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Grasimi

Member
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can someone make my car gloss black with gloss black rims? if possible may you tint the windows and make the mustang lettering chrome

A5314175-F750-4AF2-9179-9A434184ADBF.jpeg
 

Ray Guselli

Member
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32
Enjoying this thread...

Would appreciate any help/feedback as to the best way to change colour from white to black please.

I have been trying different layer modes etc but not getting the nice shine such as Ex Teacher, and Babine's excellent work.....

Thanks

Ray
 

ex_teacher

Well-Known Member
Messages
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153
I just had a message on this exact same thing so I'll duplicate it and post here.

Turning a white vehicle into black is the worst. I almost didn't do it because of that
As you know its all about reflections and I tried to use the existing ones in the white. I started out cutting out the body shell, duplicating it and then processing it with curves or levels to turn the darkest 'whites; into very dark gray and the lightest 'whites ' into somewhat lighter darkish colors or tones as appropriates. At that point it was flat and I duplicated that layer and processed those two with differing localized contrast enhancement (camera RAW clarity +fiddling and a Topaz clarity to taste) striving to accentuate those tonal changes. I had a nose + the rest of the car then and processed another middle layer for the side door insert with the interesting reflection. That's actually overlaid by changing transparency.

My screen looked like this:

PS screen.jpgThat was V1 and I ended on V10 but the essence of the project was already there. The ensuing saves were cleanup and adding more substantive but fake reflections, The sky reflection in the rear quarter was borrowed from a black panel van and massaged in. The burn tool was my friend and used a lot .

Bruce
 

Ray Guselli

Member
Messages
23
Likes
32
I just had a message on this exact same thing so I'll duplicate it and post here.

Turning a white vehicle into black is the worst. I almost didn't do it because of that
As you know its all about reflections and I tried to use the existing ones in the white. I started out cutting out the body shell, duplicating it and then processing it with curves or levels to turn the darkest 'whites; into very dark gray and the lightest 'whites ' into somewhat lighter darkish colors or tones as appropriates. At that point it was flat and I duplicated that layer and processed those two with differing localized contrast enhancement (camera RAW clarity +fiddling and a Topaz clarity to taste) striving to accentuate those tonal changes. I had a nose + the rest of the car then and processed another middle layer for the side door insert with the interesting reflection. That's actually overlaid by changing transparency.

My screen looked like this:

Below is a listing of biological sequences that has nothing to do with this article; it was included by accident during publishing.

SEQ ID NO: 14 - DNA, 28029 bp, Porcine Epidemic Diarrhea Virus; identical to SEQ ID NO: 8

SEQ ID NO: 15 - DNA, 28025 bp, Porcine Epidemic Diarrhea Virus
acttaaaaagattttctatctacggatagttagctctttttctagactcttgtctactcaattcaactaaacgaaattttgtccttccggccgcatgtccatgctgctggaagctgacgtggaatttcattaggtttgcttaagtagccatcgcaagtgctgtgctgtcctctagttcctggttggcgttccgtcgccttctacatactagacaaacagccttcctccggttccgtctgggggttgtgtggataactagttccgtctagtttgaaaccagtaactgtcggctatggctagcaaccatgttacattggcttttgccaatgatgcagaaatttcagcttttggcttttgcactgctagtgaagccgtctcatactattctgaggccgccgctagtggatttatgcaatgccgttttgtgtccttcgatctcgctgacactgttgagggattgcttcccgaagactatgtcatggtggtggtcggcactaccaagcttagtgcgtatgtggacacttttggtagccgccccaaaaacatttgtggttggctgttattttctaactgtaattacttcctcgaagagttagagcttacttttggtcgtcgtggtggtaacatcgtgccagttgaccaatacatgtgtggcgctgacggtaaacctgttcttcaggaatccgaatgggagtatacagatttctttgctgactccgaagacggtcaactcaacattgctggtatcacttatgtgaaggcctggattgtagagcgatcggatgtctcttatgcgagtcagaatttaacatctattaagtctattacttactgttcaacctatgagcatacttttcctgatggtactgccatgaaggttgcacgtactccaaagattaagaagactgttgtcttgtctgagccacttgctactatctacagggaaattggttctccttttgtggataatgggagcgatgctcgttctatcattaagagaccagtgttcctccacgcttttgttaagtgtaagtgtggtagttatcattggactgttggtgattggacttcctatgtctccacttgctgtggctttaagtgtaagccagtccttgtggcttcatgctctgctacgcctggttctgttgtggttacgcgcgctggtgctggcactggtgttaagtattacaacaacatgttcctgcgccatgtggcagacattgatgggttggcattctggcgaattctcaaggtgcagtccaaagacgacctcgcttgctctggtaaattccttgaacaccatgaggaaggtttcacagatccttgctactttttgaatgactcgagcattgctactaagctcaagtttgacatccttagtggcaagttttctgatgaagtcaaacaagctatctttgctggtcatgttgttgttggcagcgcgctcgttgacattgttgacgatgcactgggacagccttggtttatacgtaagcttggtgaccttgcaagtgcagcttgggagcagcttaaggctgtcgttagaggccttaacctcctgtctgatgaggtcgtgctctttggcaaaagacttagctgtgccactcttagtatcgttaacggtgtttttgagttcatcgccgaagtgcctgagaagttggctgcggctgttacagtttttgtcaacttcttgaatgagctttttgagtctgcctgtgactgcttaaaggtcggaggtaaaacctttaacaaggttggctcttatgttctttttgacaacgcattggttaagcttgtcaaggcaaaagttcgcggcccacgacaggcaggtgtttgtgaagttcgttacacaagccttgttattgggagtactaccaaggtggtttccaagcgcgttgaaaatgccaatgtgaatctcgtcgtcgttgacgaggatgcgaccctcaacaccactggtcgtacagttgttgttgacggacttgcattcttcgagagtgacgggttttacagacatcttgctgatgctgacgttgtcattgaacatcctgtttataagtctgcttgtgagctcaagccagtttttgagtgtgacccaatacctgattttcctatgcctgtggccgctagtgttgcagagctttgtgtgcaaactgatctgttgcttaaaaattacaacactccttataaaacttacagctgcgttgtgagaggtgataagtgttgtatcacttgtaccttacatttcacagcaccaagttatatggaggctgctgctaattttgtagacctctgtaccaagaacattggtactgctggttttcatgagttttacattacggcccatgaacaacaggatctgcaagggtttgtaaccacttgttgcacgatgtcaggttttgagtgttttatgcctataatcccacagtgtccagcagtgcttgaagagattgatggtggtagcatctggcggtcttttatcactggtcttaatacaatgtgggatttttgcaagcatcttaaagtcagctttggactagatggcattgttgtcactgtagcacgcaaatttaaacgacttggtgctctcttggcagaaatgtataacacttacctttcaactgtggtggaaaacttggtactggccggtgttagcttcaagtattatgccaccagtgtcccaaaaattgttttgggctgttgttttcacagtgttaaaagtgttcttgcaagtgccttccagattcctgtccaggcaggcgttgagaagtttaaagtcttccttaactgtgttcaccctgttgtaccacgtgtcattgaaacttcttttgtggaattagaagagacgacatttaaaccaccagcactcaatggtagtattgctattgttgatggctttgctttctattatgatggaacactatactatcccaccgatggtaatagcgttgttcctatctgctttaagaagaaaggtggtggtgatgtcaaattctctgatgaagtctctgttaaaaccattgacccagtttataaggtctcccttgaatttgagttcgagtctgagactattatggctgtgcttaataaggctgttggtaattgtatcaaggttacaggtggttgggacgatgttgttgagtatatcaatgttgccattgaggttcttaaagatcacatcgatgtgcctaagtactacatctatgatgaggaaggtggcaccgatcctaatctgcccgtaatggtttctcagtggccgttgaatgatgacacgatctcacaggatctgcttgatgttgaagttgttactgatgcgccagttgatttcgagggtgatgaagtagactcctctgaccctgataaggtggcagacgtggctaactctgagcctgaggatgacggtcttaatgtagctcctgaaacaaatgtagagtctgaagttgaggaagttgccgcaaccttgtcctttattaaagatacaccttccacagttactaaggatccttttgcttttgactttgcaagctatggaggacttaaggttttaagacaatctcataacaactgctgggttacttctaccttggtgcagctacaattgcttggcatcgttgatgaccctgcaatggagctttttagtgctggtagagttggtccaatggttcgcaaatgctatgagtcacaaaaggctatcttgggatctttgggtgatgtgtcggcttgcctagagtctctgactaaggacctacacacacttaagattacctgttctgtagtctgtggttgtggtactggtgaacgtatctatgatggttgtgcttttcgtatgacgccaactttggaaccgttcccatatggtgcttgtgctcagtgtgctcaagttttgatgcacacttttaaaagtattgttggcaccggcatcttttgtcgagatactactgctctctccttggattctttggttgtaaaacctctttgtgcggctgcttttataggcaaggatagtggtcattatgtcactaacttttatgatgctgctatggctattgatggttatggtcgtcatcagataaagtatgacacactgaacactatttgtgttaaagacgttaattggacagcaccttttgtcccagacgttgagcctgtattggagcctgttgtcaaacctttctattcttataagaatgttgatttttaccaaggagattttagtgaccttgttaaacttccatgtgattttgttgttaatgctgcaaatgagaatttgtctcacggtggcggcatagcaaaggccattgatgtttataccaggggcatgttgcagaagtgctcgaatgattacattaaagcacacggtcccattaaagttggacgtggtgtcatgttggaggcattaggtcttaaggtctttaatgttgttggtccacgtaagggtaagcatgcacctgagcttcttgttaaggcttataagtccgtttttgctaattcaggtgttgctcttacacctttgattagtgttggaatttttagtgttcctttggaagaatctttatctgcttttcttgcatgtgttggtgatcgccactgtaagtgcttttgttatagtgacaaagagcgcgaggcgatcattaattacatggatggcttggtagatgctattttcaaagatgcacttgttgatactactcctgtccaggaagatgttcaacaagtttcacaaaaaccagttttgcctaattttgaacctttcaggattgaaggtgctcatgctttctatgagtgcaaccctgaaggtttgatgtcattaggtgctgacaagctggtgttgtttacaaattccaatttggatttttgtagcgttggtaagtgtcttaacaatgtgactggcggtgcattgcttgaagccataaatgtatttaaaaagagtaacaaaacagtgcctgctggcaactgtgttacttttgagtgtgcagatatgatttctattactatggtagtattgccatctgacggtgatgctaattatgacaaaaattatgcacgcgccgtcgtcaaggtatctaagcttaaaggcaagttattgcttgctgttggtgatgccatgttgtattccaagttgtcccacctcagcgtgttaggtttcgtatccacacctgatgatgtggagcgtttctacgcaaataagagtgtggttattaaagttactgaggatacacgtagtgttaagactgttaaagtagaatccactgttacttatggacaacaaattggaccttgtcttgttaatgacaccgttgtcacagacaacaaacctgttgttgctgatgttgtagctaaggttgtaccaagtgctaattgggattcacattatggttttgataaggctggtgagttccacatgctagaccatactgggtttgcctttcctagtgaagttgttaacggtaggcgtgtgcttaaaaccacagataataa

View attachment 122832That was V1 and I ended on V10 but the essence of the project was already there. The ensuing saves were cleanup and adding more substantive but fake reflections, The sky reflection in the rear quarter was borrowed from a black panel van and massaged in. The burn tool was my friend and used a lot .

Bruce
Thank you ex Teacher for a wonder and detailed example.

That really helps and enables me to learn.

The screenshot of your workflow is also a great help.

Very much appreciated and thank you for your time.

Best wishes Ray
 

ex_teacher

Well-Known Member
Messages
101
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153
You are very welcome, Ray.

On the offside chance you didn't know this, please note the procedural layers with those little bent arrow thingies that point down. That's a clipping mask and my one example doesn't really show how much I used them in this particular project. As I see it, the key to success here is delineating highlights. The problem is that one area of the car required much different treatment than another but these pieces are all stacked. The clipping mask allows us to modify one layer without the layers below being affected. It makes for an incredibly powerful workflow and I'm surprised when someone is not using them.

Bruce
 

Ray Guselli

Member
Messages
23
Likes
32
You are very welcome, Ray.

On the offside chance you didn't know this, please note the procedural layers with those little bent arrow thingies that point down. That's a clipping mask and my one example doesn't really show how much I used them in this particular project. As I see it, the key to success here is delineating highlights. The problem is that one area of the car required much different treatment than another but these pieces are all stacked. The clipping mask allows us to modify one layer without the layers below being affected. It makes for an incredibly powerful workflow and I'm surprised when someone is not using them.

Bruce
Thank you Bruce...

That is appreciated.

I use clipping masks a lot as they are so useful...but appreciate you being kind enough to cover that aspect of the process too.

You have done an excellent job indeed.

Very best wishes Ray
 

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